December 5, 2012
Digoxin Increases Death Rate in Atrial Fibrillation Patients
Lexington, KY—For centuries, digoxin and similar compounds derived from the foxglove plant (digitalis) have been considered life saving for heart patients when used in a narrow dose range.
A new study published online by the European Heart Journal, however, suggests that may not always be the case, at least with atrial fibrillation (AF).
Researchers led by Samy Claude Elayi, MD, associate professor of medicine at the Gill Heart Institute at the University of Kentucky, found that digoxin was associated with a 41% increase in deaths from any cause in AF patients, after controlling for other medications and risk factors. The increased death rate occurred regardless of gender or whether underlying heart failure was extant.
Digoxin was also associated with a 35% increase in deaths from cardiovascular causes, and a 61% increase in deaths from arrhythmias, according to the report.
For the study, researchers analyzed data from 4,060 AF patients who had enrolled in the landmark Atrial Fibrillation Follow-up Investigation of Rhythm Management (AFFIRM) trial to determine the relationship between digoxin and deaths in this group of patients.
“These results mean that among AF patients taking digoxin compared to those not on digoxin in the AFFIRM trial, within five years one additional patient out of six will die from any cause, one additional patient out of eight will die from cardiovascular causes, and one additional patient out of 16 will die from arrhythmias,” Elayi said. “These findings call into question the widespread use of digoxin in patients with AF, particularly when used for controlling AF rate in a similar way as in the AFFIRM trial.”
Digoxin, which helps the heart beat more strongly and with a more regular rhythm, is commonly used in AF and heart failure. Its narrow effective dose range can make it difficult to manage, however, and high levels of digoxin in the blood have been correlated with an increased death rate in patients.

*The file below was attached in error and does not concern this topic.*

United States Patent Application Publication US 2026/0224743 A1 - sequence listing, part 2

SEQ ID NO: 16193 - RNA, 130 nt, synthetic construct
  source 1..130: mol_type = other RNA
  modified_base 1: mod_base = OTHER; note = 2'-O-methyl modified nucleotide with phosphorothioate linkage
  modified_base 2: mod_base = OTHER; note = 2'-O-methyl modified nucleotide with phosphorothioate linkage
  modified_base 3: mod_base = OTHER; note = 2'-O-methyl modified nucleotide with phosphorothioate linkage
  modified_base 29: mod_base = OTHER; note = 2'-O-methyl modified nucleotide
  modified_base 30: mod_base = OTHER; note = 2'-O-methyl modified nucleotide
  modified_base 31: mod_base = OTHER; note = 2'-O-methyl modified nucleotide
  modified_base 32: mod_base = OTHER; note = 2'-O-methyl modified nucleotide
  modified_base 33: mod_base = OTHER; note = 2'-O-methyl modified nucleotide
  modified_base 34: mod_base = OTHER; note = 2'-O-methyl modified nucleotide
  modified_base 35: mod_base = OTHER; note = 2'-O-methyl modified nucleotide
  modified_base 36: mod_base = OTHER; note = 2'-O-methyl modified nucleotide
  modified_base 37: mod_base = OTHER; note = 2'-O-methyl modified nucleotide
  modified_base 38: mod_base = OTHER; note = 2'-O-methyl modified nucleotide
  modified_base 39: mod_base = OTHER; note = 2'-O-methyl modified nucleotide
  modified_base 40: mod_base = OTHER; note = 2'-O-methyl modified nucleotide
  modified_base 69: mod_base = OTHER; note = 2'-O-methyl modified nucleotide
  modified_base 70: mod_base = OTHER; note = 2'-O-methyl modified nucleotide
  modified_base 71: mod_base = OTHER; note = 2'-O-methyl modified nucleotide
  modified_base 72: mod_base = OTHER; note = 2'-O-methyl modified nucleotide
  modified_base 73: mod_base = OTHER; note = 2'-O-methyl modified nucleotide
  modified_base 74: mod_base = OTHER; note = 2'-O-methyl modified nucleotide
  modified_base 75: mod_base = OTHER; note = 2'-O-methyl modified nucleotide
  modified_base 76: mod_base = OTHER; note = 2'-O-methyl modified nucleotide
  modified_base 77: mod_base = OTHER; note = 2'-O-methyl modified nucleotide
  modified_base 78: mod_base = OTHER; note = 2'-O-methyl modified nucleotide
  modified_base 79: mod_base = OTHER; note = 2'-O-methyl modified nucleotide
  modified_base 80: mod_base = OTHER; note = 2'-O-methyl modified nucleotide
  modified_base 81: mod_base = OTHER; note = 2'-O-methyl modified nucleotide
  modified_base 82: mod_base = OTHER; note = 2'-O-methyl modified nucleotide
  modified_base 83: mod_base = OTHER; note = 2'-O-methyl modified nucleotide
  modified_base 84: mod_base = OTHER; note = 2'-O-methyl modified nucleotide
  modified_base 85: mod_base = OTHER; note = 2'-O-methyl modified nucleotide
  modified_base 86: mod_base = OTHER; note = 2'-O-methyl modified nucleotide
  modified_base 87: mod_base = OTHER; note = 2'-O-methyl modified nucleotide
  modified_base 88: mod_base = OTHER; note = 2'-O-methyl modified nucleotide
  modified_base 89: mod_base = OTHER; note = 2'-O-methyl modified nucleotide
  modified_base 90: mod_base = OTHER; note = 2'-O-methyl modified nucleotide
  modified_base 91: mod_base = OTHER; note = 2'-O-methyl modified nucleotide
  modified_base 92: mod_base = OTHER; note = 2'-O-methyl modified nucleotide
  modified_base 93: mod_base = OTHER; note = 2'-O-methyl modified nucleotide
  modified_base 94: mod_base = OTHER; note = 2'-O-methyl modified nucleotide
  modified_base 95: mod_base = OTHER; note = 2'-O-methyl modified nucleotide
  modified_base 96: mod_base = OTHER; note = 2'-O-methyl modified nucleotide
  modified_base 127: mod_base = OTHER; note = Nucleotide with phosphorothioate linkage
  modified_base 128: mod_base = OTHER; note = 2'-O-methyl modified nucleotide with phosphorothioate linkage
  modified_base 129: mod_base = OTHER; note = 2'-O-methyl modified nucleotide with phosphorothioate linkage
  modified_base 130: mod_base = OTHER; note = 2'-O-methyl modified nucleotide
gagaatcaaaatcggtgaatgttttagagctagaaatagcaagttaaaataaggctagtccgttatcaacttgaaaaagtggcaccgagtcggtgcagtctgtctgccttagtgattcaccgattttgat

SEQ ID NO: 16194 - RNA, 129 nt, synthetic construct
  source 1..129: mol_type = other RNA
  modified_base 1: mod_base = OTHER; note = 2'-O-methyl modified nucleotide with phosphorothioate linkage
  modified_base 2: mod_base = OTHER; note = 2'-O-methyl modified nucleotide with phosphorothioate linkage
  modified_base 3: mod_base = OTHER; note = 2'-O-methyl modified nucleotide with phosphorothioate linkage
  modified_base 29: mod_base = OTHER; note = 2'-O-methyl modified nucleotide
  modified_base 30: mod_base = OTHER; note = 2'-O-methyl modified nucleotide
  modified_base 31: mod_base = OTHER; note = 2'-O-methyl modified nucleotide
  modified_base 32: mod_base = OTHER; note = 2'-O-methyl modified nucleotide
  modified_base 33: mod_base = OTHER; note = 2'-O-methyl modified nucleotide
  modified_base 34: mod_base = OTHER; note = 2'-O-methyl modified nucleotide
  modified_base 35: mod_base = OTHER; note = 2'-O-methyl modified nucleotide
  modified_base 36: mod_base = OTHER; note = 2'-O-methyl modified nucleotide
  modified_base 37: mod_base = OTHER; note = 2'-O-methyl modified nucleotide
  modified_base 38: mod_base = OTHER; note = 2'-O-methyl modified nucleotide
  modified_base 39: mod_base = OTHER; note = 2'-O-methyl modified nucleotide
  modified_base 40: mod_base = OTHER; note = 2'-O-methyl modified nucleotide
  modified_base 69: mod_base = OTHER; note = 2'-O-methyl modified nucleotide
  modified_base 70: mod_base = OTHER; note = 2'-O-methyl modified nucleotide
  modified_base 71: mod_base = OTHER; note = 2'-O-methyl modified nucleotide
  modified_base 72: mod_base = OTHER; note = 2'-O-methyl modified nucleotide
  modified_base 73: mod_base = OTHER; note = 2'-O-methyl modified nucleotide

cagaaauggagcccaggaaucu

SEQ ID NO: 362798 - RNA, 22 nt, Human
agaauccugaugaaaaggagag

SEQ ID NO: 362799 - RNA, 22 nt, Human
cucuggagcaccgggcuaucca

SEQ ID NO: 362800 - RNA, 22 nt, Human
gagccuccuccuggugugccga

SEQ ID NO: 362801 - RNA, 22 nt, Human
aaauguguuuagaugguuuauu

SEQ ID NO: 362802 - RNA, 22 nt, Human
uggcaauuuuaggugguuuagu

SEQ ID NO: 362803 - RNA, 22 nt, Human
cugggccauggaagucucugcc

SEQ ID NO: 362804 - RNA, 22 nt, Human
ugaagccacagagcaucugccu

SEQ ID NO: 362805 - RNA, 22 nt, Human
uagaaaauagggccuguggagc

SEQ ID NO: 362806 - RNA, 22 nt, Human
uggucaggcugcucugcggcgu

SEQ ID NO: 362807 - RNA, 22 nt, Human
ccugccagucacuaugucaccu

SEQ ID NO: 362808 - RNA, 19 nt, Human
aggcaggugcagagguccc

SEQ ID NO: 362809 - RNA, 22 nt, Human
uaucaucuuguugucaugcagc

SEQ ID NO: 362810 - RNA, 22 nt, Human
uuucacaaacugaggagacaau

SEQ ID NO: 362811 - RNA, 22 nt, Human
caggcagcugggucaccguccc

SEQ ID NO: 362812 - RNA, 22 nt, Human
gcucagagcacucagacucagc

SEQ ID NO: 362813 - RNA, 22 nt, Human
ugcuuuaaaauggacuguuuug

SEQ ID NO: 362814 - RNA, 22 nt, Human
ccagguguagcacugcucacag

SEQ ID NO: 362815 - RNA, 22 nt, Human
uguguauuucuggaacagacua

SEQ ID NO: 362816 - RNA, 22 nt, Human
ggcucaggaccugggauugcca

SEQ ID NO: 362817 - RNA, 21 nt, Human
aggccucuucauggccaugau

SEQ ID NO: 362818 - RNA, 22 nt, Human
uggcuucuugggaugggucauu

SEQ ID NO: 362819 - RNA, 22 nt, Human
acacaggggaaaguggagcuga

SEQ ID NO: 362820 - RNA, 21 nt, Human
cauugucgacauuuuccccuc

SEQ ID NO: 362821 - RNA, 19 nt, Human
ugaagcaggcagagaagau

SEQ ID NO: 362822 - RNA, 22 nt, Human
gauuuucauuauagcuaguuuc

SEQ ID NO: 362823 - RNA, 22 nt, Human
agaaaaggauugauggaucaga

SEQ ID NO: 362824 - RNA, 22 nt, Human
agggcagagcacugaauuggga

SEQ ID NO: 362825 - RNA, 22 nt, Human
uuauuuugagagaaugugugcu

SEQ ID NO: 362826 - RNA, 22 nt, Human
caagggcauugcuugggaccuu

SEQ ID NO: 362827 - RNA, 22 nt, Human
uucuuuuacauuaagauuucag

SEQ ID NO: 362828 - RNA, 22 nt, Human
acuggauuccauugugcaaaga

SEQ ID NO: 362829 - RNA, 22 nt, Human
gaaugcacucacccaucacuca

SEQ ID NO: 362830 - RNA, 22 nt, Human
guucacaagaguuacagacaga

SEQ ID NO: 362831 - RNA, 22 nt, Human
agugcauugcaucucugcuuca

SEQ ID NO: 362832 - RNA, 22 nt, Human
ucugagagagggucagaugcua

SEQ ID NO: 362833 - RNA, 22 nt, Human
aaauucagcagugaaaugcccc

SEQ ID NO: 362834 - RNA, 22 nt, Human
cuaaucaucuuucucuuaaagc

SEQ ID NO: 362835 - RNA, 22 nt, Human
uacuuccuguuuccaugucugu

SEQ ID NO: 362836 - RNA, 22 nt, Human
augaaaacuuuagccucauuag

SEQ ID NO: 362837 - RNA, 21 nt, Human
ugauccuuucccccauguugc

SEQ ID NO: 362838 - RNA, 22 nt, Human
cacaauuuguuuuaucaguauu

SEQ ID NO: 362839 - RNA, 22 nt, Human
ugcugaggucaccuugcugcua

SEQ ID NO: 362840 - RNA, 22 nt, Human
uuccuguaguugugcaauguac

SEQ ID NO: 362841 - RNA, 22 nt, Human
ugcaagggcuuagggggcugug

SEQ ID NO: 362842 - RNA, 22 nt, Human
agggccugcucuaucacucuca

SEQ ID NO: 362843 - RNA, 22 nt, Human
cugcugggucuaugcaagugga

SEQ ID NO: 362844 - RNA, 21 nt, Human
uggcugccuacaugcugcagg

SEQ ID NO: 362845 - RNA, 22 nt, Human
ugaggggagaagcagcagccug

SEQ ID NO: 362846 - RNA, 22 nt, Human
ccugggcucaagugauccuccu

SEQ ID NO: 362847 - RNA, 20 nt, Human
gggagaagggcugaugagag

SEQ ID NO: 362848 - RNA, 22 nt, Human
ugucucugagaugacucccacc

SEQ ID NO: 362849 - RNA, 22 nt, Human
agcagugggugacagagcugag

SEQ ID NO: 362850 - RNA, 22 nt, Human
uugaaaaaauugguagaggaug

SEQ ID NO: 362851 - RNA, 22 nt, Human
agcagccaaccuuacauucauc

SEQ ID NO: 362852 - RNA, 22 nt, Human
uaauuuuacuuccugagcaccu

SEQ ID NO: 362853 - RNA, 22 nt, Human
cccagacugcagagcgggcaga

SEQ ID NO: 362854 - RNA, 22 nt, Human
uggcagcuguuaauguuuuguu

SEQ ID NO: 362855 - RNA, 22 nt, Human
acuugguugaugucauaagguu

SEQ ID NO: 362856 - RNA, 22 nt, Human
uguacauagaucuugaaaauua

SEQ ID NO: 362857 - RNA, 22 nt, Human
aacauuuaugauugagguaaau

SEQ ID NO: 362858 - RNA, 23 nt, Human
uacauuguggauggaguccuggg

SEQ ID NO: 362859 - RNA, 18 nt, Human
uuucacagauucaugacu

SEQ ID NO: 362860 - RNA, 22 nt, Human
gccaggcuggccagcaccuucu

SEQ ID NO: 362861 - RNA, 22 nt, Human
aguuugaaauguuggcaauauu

“Digoxin in AF patients has hardly been studied,” Elayi pointed out. “The main prospective randomized controlled trials available with digoxin were performed in patients with heart failure and sinus rhythm, excluding AF patients.”
As a result of these findings, the authors conclude in their paper: “Our study underscores the importance of reassessing the role of digoxin in the contemporary management of AF in patients with or without HF.”
Specifically, according to Elayi, preferred medications are alternatives “such as beta-blockers or calcium blockers; if digoxin is used, use a low dose with careful clinical follow-up, evaluate potential drug interactions when starting new medications, and monitor digoxin levels. Patients should be aware of potential toxicity and see their physicians immediately in specific clinical situations, for instance if they experience palpitations or syncope, as those may precede arrhythmic death.”
Suggesting there must be “some additional mechanism that remains to be identified" in the increased death rates, Elayi called for further studies, especially in patients with systolic heart failure and AF.
|U.S. Pharmacist Social Connect